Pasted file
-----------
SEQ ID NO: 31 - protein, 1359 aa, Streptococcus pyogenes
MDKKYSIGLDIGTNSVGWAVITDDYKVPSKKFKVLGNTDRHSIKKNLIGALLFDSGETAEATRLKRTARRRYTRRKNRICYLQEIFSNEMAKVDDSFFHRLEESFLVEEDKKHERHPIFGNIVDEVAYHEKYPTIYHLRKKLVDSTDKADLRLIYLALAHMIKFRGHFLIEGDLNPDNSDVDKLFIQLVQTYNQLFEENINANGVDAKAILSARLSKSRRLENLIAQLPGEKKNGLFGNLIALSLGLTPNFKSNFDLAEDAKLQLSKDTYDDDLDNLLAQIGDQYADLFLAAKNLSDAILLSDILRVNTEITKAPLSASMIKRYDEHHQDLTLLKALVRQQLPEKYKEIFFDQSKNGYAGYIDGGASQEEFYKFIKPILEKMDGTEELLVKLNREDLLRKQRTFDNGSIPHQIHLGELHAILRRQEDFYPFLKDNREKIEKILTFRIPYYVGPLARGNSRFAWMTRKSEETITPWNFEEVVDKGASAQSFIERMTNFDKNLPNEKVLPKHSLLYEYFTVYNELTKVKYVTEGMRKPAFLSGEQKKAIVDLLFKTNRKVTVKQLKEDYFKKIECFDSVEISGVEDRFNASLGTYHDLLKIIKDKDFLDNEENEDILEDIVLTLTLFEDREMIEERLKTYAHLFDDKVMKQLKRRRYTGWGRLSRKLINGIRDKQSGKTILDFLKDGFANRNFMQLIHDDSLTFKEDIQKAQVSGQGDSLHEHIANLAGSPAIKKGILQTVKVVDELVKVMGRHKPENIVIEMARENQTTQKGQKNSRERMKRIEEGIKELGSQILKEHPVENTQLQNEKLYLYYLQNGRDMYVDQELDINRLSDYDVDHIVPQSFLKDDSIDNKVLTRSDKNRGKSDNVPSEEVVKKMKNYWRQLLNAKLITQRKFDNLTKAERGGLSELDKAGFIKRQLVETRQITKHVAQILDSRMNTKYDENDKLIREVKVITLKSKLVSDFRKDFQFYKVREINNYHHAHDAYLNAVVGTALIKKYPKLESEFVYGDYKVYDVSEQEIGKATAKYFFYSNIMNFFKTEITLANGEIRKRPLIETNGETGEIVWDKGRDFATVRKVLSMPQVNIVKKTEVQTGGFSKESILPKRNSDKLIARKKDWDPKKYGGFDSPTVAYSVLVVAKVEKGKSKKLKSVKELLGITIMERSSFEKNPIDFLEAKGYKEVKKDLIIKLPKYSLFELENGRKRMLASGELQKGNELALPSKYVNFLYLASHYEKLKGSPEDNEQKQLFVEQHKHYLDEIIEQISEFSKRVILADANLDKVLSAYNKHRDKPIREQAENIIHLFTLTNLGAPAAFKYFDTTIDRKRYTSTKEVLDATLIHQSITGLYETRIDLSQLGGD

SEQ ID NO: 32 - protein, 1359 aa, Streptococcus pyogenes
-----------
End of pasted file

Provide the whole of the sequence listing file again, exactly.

SEQ ID NO: 31 - protein, 1359 aa, Streptococcus pyogenes
MDKKYSIGLDIGTNSVGWAVITDDYKVPSKKFKVLGNTDRHSIKKNLIGALLFDSGETAEATRLKRTARRRYTRRKNRICYLQEIFSNEMAKVDDSFFHRLEESFLVEEDKKHERHPIFGNIVDEVAYHEKYPTIYHLRKKLVDSTDKADLRLIYLALAHMIKFRGHFLIEGDLNPDNSDVDKLFIQLVQTYNQLFEENINANGVDAKAILSARLSKSRRLENLIAQLPGEKKNGLFGNLIALSLGLTPNFKSNFDLAEDAKLQLSKDTYDDDLDNLLAQIGDQYADLFLAAKNLSDAILLSDILRVNTEITKAPLSASMIKRYDEHHQDLTLLKALVRQQLPEKYKEIFFDQSKNGYAGYIDGGASQEEFYKFIKPILEKMDGTEELLVKLNREDLLRKQRTFDNGSIPHQIHLGELHAILRRQEDFYPFLKDNREKIEKILTFRIPYYVGPLARGNSRFAWMTRKSEETITPWNFEEVVDKGASAQSFIERMTNFDKNLPNEKVLPKHSLLYEYFTVYNELTKVKYVTEGMRKPAFLSGEQKKAIVDLLFKTNRKVTVKQLKEDYFKKIECFDSVEISGVEDRFNASLGTYHDLLKIIKDKDFLDNEENEDILEDIVLTLTLFEDREMIEERLKTYAHLFDDKVMKQLKRRRYTGWGRLSRKLINGIRDKQSGKTILDFLKDGFANRNFMQLIHDDSLTFKEDIQKAQVSGQGDSLHEHIANLAGSPAIKKGILQTVKVVDELVKVMGRHKPENIVIEMARENQTTQKGQKNSRERMKRIEEGIKELGSQILKEHPVENTQLQNEKLYLYYLQNGRDMYVDQELDINRLSDYDVDHIVPQSFLKDDSIDNKVLTRSDKNRGKSDNVPSEEVVKKMKNYWRQLLNAKLITQRKFDNLTKAERGGLSELDKAGFIKRQLVETRQITKHVAQILDSRMNTKYDENDKLIREVKVITLKSKLVSDFRKDFQFYKVREINNYHHAHDAYLNAVVGTALIKKYPKLESEFVYGDYKVYDVSEQEIGKATAKYFFYSNIMNFFKTEITLANGEIRKRPLIETNGETGEIVWDKGRDFATVRKVLSMPQVNIVKKTEVQTGGFSKESILPKRNSDKLIARKKDWDPKKYGGFDSPTVAYSVLVVAKVEKGKSKKLKSVKELLGITIMERSSFEKNPIDFLEAKGYKEVKKDLIIKLPKYSLFELENGRKRMLASGELQKGNELALPSKYVNFLYLASHYEKLKGSPEDNEQKQLFVEQHKHYLDEIIEQISEFSKRVILADANLDKVLSAYNKHRDKPIREQAENIIHLFTLTNLGAPAAFKYFDTTIDRKRYTSTKEVLDATLIHQSITGLYETRIDLSQLGGD

SEQ ID NO: 32 - protein, 1359 aa, Streptococcus pyogenes